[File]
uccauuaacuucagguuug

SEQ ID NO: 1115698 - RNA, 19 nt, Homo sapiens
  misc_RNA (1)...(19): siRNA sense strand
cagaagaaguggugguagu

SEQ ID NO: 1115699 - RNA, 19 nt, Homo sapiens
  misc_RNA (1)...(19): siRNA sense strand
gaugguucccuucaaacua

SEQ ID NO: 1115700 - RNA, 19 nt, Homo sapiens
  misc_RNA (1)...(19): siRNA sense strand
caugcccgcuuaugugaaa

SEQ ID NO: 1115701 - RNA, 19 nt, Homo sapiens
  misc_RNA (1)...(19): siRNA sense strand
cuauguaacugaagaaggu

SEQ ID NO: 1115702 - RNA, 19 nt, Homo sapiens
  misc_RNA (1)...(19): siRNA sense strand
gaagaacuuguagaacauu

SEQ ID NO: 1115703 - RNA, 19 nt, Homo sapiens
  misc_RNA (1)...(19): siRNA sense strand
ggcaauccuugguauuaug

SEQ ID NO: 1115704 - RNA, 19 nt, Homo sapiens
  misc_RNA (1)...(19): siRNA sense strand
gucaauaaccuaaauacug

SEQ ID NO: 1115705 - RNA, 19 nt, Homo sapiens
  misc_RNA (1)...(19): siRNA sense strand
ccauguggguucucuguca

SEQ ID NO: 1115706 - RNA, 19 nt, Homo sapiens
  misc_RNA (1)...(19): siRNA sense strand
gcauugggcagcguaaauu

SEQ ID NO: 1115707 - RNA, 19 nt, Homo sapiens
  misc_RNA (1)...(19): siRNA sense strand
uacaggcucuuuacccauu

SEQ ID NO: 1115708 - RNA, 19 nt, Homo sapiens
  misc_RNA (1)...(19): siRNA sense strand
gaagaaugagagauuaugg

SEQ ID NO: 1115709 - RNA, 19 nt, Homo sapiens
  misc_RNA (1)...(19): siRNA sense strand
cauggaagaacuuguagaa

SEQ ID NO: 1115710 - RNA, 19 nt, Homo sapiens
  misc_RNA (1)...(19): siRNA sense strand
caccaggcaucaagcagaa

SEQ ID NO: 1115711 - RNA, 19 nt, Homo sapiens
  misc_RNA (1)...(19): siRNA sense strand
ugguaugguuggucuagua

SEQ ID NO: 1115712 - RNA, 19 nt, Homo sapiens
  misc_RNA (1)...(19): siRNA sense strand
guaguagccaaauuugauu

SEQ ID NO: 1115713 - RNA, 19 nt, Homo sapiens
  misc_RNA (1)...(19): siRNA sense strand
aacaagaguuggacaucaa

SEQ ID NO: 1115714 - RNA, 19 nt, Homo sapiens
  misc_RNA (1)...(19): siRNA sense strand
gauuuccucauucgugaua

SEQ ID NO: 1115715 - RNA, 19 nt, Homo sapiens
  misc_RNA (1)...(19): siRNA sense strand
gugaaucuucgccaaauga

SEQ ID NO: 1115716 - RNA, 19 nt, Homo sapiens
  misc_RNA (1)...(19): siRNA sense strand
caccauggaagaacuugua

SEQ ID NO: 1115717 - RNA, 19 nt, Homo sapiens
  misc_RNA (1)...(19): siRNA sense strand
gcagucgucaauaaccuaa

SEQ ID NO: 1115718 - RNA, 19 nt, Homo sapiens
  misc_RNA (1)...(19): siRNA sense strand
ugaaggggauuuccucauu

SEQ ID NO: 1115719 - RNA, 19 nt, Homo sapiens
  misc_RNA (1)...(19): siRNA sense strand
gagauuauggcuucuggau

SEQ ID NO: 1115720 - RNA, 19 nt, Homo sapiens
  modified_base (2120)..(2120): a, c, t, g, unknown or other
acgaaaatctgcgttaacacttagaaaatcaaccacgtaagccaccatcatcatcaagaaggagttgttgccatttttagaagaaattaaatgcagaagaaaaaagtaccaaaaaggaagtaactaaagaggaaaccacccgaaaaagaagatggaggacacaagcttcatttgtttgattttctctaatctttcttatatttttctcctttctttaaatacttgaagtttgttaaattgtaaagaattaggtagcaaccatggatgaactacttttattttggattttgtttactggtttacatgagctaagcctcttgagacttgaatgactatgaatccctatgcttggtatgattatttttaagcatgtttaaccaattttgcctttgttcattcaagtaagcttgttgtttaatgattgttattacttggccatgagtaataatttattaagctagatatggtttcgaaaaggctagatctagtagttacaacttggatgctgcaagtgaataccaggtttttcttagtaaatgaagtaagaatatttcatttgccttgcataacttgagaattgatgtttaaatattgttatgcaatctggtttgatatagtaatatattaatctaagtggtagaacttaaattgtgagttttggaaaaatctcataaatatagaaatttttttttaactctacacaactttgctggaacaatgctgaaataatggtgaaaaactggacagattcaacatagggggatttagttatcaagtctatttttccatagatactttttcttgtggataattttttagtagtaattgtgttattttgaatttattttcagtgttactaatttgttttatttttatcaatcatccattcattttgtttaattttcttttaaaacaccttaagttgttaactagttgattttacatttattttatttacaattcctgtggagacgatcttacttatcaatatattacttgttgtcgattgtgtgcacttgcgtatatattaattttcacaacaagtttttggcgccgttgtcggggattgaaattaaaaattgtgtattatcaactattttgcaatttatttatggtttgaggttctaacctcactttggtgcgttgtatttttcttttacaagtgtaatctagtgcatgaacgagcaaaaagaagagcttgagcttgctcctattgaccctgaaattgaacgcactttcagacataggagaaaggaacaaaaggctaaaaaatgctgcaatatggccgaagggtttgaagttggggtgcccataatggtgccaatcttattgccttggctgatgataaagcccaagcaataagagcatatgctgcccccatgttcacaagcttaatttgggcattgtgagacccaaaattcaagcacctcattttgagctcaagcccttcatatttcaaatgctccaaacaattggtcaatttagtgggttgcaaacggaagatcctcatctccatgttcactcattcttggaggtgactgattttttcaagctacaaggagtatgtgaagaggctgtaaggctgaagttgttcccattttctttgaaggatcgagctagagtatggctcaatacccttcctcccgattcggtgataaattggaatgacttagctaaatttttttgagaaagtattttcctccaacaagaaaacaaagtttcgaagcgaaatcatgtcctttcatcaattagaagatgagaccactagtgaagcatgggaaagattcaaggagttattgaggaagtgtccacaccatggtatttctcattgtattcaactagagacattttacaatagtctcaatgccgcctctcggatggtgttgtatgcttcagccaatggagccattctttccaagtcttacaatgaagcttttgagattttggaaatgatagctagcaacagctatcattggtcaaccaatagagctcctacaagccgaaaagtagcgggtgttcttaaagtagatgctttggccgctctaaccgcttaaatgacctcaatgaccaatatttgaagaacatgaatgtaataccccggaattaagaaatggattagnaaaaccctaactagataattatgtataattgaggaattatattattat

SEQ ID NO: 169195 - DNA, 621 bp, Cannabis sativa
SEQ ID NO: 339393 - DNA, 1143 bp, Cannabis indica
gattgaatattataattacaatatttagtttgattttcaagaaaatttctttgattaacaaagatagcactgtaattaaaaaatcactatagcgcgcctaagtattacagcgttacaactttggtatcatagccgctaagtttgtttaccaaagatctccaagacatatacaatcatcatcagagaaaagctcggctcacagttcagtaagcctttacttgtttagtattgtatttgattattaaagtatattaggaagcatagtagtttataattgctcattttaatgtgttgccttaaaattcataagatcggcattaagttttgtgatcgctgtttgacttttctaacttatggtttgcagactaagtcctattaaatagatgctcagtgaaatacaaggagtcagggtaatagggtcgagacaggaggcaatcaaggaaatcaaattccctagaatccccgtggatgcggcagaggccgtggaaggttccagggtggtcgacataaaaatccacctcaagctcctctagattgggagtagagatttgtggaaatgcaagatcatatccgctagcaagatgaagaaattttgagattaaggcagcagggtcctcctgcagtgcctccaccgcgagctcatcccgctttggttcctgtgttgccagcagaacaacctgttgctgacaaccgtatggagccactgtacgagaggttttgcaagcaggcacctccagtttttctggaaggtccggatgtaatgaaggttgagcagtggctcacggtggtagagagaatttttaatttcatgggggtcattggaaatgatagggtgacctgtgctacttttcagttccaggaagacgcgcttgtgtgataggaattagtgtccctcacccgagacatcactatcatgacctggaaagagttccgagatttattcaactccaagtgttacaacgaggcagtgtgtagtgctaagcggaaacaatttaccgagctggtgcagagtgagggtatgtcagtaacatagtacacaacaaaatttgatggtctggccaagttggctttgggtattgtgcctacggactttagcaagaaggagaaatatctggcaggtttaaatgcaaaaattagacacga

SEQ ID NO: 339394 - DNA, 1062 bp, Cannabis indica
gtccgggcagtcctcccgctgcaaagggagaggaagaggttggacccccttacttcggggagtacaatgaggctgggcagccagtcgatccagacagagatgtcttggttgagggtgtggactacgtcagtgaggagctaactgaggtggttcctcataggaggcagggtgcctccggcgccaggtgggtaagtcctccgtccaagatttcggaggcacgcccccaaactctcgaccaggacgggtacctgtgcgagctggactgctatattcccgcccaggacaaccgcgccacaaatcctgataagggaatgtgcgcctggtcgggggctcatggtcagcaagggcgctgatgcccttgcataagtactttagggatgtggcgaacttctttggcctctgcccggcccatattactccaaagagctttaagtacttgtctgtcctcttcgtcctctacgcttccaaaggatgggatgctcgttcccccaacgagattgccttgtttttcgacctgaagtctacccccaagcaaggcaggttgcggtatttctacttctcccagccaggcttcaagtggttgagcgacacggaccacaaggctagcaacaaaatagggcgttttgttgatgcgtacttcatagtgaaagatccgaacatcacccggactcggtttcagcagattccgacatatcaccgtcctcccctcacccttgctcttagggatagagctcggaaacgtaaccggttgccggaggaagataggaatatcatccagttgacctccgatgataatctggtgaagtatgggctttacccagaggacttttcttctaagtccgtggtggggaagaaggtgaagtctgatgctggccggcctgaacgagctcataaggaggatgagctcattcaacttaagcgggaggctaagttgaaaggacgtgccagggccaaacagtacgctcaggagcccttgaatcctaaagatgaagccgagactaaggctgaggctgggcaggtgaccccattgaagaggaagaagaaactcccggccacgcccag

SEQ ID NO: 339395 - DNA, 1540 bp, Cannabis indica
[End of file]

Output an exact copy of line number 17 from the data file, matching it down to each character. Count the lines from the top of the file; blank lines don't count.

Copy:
SEQ ID NO: 1115703 - RNA, 19 nt, Homo sapiens